We set out on a journey to understand community marketing. To catalog, create discipline and make meaningful evaluations of brands and their community strength. We went deep—beyond just identifying the brands that best channel their communities. We had a fire to understand why.
So we poured through academic papers, delved into business literature, and surveyed success metrics and marketing approaches of companies across industries to understand just what makes successful community marketing work.
Even across a wide disciplinary and economic landscape, we noticed one striking phenomenon that became our rallying cry:
Instead of creating communities from the ground up, they engage with communities that form organically. They shift from top-down communication to meaningful conversations. They build relationships that evolve, grow and stand the test of time. They become part of the fabric of the community itself, nurturing it and making it stronger. And then, they use the network effect to spread the word, buying more authentic loyalty with fewer dollars.
Our project has resulted in a usable metric for you to measure your own brand’s community attachment and a ranking of the top ten community brands for the year. The more we learn and engage with community marketers, the more we grow together.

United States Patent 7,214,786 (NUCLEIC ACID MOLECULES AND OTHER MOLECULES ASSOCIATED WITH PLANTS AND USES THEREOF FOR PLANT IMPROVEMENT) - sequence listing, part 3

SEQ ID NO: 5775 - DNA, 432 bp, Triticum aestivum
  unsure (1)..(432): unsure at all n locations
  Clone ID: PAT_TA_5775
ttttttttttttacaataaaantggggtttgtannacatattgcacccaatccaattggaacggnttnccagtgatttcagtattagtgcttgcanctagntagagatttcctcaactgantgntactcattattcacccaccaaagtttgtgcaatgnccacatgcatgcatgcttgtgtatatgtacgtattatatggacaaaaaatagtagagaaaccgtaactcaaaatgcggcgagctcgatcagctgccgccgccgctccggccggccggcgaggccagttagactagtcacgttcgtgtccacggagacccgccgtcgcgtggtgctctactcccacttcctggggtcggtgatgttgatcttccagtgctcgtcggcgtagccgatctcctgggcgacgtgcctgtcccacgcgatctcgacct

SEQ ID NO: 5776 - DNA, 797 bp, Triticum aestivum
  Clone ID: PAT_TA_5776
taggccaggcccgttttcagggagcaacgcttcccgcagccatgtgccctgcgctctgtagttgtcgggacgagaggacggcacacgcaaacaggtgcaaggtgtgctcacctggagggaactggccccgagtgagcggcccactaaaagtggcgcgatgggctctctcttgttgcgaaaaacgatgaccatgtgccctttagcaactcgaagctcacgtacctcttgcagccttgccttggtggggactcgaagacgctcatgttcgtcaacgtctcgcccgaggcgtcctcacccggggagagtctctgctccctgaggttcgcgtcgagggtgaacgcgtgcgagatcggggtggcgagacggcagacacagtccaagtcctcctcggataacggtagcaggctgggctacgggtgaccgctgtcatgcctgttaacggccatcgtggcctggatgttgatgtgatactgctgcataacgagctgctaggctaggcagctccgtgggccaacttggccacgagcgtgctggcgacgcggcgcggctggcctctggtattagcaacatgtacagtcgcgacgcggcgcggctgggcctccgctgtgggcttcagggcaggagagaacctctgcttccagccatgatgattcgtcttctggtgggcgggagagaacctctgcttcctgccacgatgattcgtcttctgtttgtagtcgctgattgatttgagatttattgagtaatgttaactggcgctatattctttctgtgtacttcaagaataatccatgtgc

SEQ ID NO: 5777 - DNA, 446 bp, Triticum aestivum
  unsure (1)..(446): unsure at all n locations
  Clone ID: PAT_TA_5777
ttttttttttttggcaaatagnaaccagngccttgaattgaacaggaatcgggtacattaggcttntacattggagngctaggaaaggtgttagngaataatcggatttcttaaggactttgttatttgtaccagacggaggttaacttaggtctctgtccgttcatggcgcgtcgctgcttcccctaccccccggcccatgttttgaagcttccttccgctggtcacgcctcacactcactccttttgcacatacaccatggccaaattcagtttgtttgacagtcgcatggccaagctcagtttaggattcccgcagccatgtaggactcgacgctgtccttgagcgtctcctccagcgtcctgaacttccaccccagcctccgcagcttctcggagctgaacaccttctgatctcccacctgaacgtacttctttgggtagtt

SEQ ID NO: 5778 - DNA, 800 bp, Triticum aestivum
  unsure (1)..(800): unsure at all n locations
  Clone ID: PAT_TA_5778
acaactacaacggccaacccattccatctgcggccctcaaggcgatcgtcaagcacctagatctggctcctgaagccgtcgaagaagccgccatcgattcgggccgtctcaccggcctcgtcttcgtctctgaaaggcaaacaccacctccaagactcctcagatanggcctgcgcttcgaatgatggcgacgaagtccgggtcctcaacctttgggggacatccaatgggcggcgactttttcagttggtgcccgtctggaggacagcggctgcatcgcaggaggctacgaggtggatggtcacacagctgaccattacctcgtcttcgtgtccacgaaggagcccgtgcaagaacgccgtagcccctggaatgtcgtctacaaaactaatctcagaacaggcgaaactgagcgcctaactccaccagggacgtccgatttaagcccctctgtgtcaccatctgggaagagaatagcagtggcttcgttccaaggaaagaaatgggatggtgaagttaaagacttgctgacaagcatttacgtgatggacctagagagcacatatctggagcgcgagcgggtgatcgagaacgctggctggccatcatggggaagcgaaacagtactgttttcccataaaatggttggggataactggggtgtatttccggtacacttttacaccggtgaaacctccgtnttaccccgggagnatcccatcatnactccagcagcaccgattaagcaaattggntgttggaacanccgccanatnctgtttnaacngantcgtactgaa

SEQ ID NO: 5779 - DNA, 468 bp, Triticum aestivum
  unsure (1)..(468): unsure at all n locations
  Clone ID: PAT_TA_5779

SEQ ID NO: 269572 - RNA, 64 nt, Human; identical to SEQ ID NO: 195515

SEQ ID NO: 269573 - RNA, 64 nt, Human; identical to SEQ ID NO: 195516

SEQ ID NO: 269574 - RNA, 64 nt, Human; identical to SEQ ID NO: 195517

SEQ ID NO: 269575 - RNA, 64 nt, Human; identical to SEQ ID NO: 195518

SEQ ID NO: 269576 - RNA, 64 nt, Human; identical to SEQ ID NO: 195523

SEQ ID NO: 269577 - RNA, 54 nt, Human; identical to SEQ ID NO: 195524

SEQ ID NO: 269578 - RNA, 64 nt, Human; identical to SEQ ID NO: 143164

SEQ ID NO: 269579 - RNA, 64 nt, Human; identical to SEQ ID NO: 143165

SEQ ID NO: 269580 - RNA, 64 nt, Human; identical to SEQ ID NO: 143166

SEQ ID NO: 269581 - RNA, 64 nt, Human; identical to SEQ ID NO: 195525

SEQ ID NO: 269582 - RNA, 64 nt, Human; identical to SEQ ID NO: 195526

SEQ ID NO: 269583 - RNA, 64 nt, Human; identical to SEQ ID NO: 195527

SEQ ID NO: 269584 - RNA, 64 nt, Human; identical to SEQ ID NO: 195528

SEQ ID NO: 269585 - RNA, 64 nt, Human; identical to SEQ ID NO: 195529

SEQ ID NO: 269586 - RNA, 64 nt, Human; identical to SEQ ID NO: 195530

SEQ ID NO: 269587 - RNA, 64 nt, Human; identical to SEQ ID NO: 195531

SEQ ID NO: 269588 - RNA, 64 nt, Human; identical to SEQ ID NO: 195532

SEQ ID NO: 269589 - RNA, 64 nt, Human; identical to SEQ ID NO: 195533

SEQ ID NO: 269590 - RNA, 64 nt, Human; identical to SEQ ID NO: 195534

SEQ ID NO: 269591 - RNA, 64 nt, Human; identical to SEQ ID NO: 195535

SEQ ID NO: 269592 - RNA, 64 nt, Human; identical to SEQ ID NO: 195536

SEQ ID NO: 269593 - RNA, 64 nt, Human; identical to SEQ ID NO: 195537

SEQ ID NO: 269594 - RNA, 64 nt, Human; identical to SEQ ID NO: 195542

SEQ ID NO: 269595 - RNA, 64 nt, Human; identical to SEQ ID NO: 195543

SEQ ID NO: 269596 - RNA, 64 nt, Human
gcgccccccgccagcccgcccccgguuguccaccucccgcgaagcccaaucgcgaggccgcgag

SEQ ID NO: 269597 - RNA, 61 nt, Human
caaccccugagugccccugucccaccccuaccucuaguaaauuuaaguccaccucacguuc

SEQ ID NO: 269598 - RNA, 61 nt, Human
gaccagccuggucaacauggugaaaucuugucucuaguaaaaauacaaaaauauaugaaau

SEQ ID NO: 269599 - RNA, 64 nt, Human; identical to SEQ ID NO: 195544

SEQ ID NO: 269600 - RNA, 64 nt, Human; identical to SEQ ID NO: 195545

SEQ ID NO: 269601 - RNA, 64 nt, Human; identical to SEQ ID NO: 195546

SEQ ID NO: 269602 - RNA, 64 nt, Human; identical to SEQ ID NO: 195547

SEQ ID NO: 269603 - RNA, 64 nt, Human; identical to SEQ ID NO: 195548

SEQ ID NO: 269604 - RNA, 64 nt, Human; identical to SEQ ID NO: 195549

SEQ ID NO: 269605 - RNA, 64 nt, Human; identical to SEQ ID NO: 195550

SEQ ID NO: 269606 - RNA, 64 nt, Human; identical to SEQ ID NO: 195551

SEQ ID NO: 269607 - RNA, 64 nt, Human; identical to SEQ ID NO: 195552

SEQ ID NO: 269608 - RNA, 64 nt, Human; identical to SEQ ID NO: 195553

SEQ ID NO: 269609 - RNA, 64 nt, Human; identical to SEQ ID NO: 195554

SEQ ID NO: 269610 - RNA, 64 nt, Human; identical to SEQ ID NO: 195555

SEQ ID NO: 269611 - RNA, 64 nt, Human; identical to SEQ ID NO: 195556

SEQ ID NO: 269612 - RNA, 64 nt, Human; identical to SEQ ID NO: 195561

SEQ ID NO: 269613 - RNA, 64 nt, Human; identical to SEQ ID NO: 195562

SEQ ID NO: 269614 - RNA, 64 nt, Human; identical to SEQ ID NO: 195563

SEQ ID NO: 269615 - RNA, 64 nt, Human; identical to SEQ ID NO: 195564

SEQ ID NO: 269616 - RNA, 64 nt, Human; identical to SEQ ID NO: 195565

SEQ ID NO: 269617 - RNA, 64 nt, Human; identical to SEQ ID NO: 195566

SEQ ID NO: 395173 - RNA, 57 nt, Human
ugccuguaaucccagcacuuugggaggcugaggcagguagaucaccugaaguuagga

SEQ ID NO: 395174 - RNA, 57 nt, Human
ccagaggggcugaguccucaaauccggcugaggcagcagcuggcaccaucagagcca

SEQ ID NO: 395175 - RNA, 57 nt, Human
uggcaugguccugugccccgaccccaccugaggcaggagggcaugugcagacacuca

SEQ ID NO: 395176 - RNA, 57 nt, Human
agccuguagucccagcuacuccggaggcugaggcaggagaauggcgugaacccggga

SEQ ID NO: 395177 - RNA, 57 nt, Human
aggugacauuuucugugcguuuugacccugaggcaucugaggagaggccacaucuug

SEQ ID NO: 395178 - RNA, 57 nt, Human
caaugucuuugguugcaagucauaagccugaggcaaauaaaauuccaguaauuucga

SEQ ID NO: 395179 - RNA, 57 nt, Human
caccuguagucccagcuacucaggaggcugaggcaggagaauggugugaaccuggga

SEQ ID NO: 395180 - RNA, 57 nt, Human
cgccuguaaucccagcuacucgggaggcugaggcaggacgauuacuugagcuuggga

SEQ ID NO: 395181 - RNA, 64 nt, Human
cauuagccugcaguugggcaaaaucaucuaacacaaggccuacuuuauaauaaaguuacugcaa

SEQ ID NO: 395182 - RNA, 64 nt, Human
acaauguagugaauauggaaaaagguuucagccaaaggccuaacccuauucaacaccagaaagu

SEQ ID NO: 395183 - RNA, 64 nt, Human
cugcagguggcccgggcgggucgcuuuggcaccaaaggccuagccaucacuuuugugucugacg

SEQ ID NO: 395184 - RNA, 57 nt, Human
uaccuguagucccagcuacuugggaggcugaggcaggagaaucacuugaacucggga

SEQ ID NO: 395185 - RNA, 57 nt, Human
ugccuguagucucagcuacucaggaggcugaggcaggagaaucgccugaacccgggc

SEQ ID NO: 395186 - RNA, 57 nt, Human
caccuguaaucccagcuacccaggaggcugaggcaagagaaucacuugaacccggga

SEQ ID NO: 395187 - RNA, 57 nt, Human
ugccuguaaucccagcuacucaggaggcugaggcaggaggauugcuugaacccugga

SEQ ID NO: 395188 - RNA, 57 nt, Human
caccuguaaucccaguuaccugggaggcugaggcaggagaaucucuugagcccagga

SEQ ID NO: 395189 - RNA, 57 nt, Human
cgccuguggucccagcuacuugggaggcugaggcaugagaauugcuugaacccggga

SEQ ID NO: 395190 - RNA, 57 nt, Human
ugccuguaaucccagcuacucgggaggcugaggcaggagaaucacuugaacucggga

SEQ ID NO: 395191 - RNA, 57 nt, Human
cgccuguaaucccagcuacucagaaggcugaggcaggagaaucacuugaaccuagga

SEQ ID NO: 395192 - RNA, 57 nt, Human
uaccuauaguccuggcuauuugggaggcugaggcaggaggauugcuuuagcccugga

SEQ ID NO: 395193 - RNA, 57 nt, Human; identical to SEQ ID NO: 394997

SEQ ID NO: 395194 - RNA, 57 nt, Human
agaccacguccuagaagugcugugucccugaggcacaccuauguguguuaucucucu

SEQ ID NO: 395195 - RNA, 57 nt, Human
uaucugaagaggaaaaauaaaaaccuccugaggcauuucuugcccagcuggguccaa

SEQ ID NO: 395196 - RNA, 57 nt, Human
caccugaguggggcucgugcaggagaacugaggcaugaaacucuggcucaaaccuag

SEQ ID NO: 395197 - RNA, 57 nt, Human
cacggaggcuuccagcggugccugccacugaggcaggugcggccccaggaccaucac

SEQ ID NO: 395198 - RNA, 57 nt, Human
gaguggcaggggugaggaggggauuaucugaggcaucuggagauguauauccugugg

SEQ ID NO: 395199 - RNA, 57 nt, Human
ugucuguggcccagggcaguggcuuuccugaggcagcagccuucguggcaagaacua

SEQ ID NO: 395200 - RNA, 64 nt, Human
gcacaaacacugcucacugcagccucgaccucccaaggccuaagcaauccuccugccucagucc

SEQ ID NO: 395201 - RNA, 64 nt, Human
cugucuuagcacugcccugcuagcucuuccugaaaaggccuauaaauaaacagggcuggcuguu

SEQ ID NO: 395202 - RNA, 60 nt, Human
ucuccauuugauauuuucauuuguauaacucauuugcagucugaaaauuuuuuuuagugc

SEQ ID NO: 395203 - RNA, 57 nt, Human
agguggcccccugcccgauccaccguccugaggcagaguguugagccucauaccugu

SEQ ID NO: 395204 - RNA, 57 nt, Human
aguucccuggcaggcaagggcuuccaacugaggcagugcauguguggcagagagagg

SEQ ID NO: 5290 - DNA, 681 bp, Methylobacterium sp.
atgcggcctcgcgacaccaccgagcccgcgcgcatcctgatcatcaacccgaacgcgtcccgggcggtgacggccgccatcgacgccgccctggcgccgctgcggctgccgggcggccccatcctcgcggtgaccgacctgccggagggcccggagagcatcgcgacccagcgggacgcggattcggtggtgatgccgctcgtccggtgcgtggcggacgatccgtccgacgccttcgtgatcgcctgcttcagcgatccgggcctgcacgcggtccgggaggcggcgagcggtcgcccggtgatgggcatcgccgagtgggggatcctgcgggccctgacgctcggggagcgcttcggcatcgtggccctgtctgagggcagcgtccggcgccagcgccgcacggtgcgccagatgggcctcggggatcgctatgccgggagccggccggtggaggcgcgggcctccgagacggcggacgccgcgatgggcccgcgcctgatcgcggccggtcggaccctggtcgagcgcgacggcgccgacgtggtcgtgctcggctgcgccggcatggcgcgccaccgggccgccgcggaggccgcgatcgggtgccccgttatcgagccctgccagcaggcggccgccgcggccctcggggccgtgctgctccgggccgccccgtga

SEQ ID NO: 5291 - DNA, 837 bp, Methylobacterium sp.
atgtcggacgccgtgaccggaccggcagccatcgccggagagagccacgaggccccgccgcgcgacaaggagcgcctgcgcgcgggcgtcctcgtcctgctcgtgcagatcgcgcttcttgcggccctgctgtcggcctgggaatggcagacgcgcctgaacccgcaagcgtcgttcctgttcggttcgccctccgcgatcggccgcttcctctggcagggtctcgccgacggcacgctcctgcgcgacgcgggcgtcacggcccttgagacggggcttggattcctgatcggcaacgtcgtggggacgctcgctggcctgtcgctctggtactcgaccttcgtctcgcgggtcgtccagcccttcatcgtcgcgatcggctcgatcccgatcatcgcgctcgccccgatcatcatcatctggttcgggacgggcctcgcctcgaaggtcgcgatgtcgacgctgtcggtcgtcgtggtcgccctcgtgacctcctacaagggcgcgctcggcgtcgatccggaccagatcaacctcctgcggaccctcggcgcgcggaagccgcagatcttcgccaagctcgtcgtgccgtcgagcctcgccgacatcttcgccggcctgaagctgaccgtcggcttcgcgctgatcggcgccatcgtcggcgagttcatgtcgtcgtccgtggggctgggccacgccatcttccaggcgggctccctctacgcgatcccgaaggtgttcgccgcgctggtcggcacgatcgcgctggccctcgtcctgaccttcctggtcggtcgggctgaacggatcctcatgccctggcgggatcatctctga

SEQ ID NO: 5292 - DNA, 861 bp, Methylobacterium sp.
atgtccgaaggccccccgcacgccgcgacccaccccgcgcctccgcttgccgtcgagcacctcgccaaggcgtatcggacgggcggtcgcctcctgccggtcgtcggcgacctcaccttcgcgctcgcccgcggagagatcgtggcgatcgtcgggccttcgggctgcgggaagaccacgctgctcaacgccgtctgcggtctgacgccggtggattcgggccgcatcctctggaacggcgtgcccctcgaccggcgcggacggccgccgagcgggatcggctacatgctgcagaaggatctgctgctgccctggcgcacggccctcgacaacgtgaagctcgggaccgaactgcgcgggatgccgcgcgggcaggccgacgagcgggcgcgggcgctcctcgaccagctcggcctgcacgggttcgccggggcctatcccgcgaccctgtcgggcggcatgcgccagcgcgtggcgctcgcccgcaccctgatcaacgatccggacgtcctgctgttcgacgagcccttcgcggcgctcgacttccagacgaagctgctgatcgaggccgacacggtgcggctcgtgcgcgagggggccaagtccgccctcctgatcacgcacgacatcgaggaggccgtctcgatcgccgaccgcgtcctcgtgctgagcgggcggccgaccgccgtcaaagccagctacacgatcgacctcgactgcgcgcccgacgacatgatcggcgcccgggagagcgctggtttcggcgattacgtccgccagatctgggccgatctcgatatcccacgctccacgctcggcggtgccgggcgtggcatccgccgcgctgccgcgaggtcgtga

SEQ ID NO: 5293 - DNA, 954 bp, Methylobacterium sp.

Belonging is a fundamental human need. In Maslow’s classic hierarchy, it sits just above survival and safety, and is a necessary precursor to developing our individual identities.
In our internet-dominated era, finding that feeling of belonging is simultaneously easier, and so much harder. We are more digitally connected, but we are also more disconnected, isolated and alone than ever.
In 2018, a national survey by Cigna of more than 20,000 Americans ages 18 and over showed that most U.S. adults are considered lonely. That particular study found that the youngest generation of those surveyed were the loneliest of all, due perhaps in part to the loss of place-based communities. A recent poll by YouGov confirmed that Millennials have surpassed Generation X and Baby Boomers as the loneliest generation.
Yet, the online world has also shifted how we define community. A 2017 article in The Atlantic titled “What Does ‘Community’ Mean?” describes this fundamental shift:
“Community, in this sense, is not merely something that one fits into; it is also something one chooses for oneself, through a process of self-discovery. It is based on shared circumstances, certainly, but offers a transcendent kind of togetherness.”
The internet has changed how we approach belonging, powerfully and fundamentally. But one thing that has not changed is the vital importance of finding somewhere to belong.
Community marketing is not a new idea. But discipline around it and a metric to evaluate its performance is.
Here’s why this is important according to McKinsey:
Digital platforms are responsible for generating a tremendous—and growing—amount of business. So it only makes sense that brands should be measuring the impact of their engagement with communities on those platforms.
Finally, given the need to belong and the power of platforms, it’s imperative to include community marketing to round out the overall marketing mix. With our Community Quotient, there’s now a measurement framework to assess your performance in community marketing.
A more powerful marketing mix: